Imitate the nature
In spring time, when we go to a nature reserve or park, chances are we can see fields and fields of wild flowers. No one ever installs an irrigation system or waters these plants; they just live and keep turning out splendid blossom, year after year. How do they do it? The answer is, after tens of thousands years, the native plants have adapted to the environment. In California where it rains in winter and gets dry in summer, another area in the world that has Mediterranean climate, plants take in all the water they can get in winter, grow rapidly, and bloom in spring. When summer comes and it becomes dry, they slow their growth or simply go dormant. They stay this way until winter, when the rains come again. As the raindrops come down, they “wake up” from the dormancy, drink up all that water and start to grow and bloom again. They don’t need any additional watering; they just take all the water there is and live throughout a year. This is what plants in a rain garden will do. At a rain garden, the depression or ditch will collect the rainwater runoff from a roof. When it rains, water will be collected there. The plants in the garden will absorb the rain water, and grow; When the rain season ends, they can just live on their own. Very little or no additional watering is needed for these plants in most cases. Just like their brothers and sisters in the nature, they can live with just the rainwater. Compared with water supplied to each household, which is treated with chemicals to comply with the sanitary standards, guess which water the plants like better? Plants watered with rain water can usually grow faster, bigger, and have brighter blossom.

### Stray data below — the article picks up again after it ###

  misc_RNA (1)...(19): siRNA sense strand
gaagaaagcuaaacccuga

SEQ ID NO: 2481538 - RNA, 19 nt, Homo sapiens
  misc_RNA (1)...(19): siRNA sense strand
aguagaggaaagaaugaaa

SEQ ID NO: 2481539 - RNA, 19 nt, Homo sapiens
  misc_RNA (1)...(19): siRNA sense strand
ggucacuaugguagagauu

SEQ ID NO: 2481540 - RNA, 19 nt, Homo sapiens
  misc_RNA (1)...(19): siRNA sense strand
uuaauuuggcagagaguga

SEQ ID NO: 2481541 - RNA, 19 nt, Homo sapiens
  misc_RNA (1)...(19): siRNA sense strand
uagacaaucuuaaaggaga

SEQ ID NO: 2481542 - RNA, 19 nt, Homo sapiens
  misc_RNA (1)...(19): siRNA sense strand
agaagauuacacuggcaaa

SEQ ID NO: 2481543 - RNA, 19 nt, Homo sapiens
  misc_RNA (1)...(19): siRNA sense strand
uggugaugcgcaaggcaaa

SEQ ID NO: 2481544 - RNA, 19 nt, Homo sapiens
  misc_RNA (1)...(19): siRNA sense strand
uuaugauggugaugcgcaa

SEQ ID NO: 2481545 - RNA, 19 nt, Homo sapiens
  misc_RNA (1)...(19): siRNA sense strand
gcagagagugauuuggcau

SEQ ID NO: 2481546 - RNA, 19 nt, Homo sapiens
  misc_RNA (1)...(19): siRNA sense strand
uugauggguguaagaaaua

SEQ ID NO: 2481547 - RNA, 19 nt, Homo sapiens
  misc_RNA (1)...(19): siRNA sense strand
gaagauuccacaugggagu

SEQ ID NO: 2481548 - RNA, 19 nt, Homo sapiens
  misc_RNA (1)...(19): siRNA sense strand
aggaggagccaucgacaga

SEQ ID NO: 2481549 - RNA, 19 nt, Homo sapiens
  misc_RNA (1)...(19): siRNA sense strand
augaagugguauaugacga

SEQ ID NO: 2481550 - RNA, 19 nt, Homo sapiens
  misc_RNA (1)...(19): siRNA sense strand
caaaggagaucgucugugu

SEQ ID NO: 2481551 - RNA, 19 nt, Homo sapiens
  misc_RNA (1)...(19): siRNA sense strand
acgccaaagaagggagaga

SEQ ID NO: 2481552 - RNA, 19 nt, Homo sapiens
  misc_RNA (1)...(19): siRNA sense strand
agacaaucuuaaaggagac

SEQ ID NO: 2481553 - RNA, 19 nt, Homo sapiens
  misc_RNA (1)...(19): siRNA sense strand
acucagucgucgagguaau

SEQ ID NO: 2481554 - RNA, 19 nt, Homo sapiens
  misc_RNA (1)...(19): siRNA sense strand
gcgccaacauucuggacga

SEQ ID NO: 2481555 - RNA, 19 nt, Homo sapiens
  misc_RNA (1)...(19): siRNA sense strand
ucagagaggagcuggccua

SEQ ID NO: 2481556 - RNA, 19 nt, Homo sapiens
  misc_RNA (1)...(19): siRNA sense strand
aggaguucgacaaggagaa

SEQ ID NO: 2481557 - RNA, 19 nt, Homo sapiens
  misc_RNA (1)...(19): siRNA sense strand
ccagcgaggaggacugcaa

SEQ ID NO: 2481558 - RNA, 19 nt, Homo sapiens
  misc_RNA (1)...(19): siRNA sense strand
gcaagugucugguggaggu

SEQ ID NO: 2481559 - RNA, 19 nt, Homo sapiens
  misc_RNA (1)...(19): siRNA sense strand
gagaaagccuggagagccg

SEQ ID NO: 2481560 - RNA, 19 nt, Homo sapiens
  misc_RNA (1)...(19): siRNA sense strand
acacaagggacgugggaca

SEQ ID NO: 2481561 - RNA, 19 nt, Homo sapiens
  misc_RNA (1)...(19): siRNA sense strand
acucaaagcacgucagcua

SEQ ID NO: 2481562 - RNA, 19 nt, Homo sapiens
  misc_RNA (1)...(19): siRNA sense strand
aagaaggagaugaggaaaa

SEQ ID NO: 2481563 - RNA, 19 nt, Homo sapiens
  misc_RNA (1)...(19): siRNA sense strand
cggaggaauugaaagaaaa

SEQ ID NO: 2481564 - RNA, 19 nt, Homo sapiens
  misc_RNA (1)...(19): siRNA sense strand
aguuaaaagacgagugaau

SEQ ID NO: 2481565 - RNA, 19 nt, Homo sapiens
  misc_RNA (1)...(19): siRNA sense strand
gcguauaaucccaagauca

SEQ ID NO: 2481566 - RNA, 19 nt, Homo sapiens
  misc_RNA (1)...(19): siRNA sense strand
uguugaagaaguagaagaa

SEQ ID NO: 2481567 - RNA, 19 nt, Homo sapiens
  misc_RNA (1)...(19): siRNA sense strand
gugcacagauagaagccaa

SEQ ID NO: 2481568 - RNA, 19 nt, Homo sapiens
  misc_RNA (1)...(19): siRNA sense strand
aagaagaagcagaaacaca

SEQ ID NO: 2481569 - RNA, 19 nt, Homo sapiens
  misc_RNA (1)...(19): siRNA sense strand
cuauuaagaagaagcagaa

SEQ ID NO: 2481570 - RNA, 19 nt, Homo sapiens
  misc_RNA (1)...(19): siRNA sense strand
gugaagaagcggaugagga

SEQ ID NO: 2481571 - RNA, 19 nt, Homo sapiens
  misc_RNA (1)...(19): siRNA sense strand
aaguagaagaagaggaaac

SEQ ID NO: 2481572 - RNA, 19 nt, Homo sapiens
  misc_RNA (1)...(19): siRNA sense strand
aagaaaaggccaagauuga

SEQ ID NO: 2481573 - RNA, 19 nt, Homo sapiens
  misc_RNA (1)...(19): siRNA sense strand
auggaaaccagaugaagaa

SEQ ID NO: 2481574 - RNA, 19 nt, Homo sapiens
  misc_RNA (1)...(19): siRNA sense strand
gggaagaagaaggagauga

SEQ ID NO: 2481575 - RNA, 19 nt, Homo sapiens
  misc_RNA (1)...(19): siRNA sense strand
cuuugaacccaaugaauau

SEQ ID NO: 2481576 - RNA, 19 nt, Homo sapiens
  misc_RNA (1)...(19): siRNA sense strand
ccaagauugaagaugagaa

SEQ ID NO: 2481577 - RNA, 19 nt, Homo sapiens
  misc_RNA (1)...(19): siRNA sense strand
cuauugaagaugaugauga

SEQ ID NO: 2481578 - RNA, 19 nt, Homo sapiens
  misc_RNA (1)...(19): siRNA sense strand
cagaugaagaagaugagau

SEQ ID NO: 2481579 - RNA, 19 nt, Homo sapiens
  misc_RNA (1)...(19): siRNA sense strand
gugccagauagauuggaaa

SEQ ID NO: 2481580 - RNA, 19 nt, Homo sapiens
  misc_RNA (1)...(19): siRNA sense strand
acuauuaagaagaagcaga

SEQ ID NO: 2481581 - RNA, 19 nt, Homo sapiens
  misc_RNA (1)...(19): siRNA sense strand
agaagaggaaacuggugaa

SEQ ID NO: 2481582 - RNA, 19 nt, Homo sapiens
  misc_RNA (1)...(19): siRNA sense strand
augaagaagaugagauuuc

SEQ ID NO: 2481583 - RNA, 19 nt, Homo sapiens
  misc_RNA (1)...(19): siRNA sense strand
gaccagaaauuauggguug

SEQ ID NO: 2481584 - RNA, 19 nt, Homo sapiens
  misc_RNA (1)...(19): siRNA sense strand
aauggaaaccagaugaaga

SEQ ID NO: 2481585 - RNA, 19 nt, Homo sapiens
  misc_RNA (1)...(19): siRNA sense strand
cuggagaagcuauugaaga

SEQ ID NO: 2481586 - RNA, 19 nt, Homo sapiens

Designing a rain garden
Like so many lawns in California, Larry’s (not his real name) lawn turned brown during the historic drought. Though the drought ended and last winter was one of the wettest on record, the lawn did not come back . The brown lawn had been bothering Larry for a long time, but he was not sure what to do about it, until he heard that his lawn can be built into a beautiful garden; not just any new garden, but a rain garden! One of the downspouts (the one on the left) is right next to the front yard. When it rains, the rainwater will just flow into the garden. The lawn is on a very slight slope from the house to the sidewalk, so the runoff will go outwards naturally. If a shallow basin is built close to the side of sidewalk, the rainwater can reach there and be stored in it. That is exactly the design proposed to Larry. A small winding ditch will take the rainwater from downspout, and send it to this shallow basin. Some plants will be planted. After they absorb the rainwater in winter, they may only need a little watering in the remainder of the year, saving a remarkable amount of water. In addition, since the garden would meet all the requirements of Santa Clara Water District’s Landscape Conversion Rebates program, the garden can apply for the rebate. Larry liked the proposal. It was a “Go” for the rain garden!
Installing a rain garden
- First, the shape of the garden needs to be defined.
For the safety of the foundation, the rain garden should be some distance away. Usually it is advised that at least 10 feet of space should be left between the basin and the house.
- Next, the shape of the rain garden is outlined.